There are provisions in this budget in the form of $274.6 million to expand and extend current programs that are supporting businesses hard-hit by border closures, including travel agents, zoos, and aquariums.

Many in the tourism industry, however, aren’t satisfied with the scope and scale of the funding. With our international border shut until at least 2022, many SMEs in this space are experiencing considerable pain. More detail in terms of specific benefits is being sought by SMEs in the tourism sector.

The gaming industry

Australia’s burgeoning gaming industry has received a boost to encourage more developers and businesses to create games in Australia. Digital game developers are set to receive a 30% refundable tax offset, for qualifying Australian games expenditure. This will be capped at $20 million.

Measures to address employment and skills

This year’s budget has been dubbed the ‘jobs budget’. It sets out with a primary directive to get more Australians into work, upskill employees and incentivise apprenticeships.

  • The extension of JobTrainer was a key inclusion in last night’s announcement. The federal government has committed an additional $500 million, to be matched by state and territory governments, to expand the JobTrainer Fund by a further 163,000 places and extend the program until 31 December 2022. 
  • There are also meaningful incentives for apprenticeships, with an additional $2.7 Billion to extend the Boosting Apprenticeship Commencements program, which is expected to support more than 170,000 new apprentices and trainees by paying businesses a 50% wage subsidy over 12 months for newly commencing apprentices or trainees.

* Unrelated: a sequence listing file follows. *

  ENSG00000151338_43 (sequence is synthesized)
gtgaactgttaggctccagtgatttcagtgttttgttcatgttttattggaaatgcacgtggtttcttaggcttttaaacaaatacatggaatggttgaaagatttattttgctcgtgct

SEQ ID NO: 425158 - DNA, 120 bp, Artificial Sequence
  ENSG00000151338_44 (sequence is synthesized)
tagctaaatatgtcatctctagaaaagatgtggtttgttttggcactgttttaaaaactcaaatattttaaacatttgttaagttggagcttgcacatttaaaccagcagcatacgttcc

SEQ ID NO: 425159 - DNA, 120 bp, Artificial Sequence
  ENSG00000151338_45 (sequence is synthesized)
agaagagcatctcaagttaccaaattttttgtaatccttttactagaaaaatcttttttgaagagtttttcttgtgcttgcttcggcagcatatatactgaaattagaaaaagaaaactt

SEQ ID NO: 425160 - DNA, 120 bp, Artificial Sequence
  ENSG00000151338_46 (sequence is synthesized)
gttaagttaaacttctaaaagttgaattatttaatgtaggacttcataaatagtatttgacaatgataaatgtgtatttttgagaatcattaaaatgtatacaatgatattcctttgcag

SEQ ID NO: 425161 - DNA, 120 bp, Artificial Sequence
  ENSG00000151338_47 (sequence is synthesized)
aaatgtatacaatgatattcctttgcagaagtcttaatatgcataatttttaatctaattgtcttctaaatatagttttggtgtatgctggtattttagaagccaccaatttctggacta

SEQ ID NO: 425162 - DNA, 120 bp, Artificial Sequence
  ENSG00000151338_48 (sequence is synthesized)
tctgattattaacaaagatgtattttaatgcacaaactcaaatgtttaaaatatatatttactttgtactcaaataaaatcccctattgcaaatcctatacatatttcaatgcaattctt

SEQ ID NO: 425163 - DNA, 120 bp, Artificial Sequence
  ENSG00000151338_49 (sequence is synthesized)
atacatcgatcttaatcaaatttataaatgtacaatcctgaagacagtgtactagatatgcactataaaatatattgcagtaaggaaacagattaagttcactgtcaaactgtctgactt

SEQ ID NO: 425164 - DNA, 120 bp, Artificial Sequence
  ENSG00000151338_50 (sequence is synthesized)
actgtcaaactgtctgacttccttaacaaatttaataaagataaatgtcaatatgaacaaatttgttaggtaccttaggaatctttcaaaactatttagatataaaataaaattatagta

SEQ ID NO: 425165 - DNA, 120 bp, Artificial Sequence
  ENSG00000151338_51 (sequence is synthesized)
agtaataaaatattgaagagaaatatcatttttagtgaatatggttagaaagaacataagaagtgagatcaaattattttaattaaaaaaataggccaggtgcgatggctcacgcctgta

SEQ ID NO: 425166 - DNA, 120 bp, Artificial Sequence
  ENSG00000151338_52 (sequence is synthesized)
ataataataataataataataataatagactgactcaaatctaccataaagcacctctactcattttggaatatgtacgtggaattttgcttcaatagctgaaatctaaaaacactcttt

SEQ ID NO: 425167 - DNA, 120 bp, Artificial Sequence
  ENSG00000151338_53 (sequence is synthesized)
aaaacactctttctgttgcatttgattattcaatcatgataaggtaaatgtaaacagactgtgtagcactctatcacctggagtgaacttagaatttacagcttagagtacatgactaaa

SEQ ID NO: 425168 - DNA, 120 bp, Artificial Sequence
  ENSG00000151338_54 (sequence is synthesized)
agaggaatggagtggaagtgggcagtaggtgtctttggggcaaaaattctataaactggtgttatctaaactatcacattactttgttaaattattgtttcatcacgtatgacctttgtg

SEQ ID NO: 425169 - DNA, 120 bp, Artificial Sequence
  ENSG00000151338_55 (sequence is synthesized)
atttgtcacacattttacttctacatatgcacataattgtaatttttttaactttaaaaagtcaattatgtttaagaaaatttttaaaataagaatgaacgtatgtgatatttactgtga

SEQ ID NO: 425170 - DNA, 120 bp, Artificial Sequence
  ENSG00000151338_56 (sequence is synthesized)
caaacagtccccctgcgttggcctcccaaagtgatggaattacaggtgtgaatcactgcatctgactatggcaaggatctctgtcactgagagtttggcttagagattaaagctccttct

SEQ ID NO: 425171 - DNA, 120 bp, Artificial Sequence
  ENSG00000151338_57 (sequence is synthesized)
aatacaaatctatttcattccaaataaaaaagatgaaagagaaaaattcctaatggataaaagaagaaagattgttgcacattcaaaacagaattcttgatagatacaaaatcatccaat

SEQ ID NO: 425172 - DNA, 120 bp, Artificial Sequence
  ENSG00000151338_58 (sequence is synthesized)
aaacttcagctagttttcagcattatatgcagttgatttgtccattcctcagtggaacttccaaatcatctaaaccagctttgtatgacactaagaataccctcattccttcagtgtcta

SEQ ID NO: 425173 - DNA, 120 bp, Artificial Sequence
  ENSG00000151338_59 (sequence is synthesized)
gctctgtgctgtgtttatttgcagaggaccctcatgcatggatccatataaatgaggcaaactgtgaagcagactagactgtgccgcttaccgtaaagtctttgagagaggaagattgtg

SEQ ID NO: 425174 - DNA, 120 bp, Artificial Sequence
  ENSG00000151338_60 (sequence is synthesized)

• However, JobTrainer and other upskilling measures don’t assist all SMEs equally and those who were reliant on JobKeeper will not see any replacement initiatives.

SMEs and the digital economy

Building digital literacy, adoption and capacity has been prioritised with several SME focused announcements centered on the digital economy.

 “Our Digital Economy Strategy will allow Australian businesses to capitalise on the opportunities that digital technologies are creating,” said Treasurer Josh Frydenberg.

“Greater digital adoption will improve our competitiveness and lift our productivity – driving job creation and higher wages.”

  • $15.3 million to be spent over three years from 2021-22 to promote and accelerate the adoption of e-invoicing by SMEs.
  • $12.7 million will be spent in 2021-22 to expand the Australian Small Business Advisory Service Digital Solutions program, which is expected to reach up to 17,000 small businesses.
  • Aspects of the JobTrainer initiative will be focused on building digital capacity and upskilling employees.

Reducing red tape

Deregulation measures are also a welcome inclusion with $134.6 million being injected into the government’s Deregulation Agenda.

This investment will make it less burdensome and costly for businesses to employ people, comply with regulation and interact with the federal government.

Key aspects include:

  • Increased digitisation coupled with the streamlining of data use and sharing.
  • New technology to facilitate small businesses’ compliance with modern awards.
  • Greater flexibility for business communications through technology neutral corporations, credit, superannuation, and insurance laws.

That’s a wrap! If you wish to view the full scope of the budget and track down individual concerns or more detail on announcements which affect your business, please refer to the official budget release.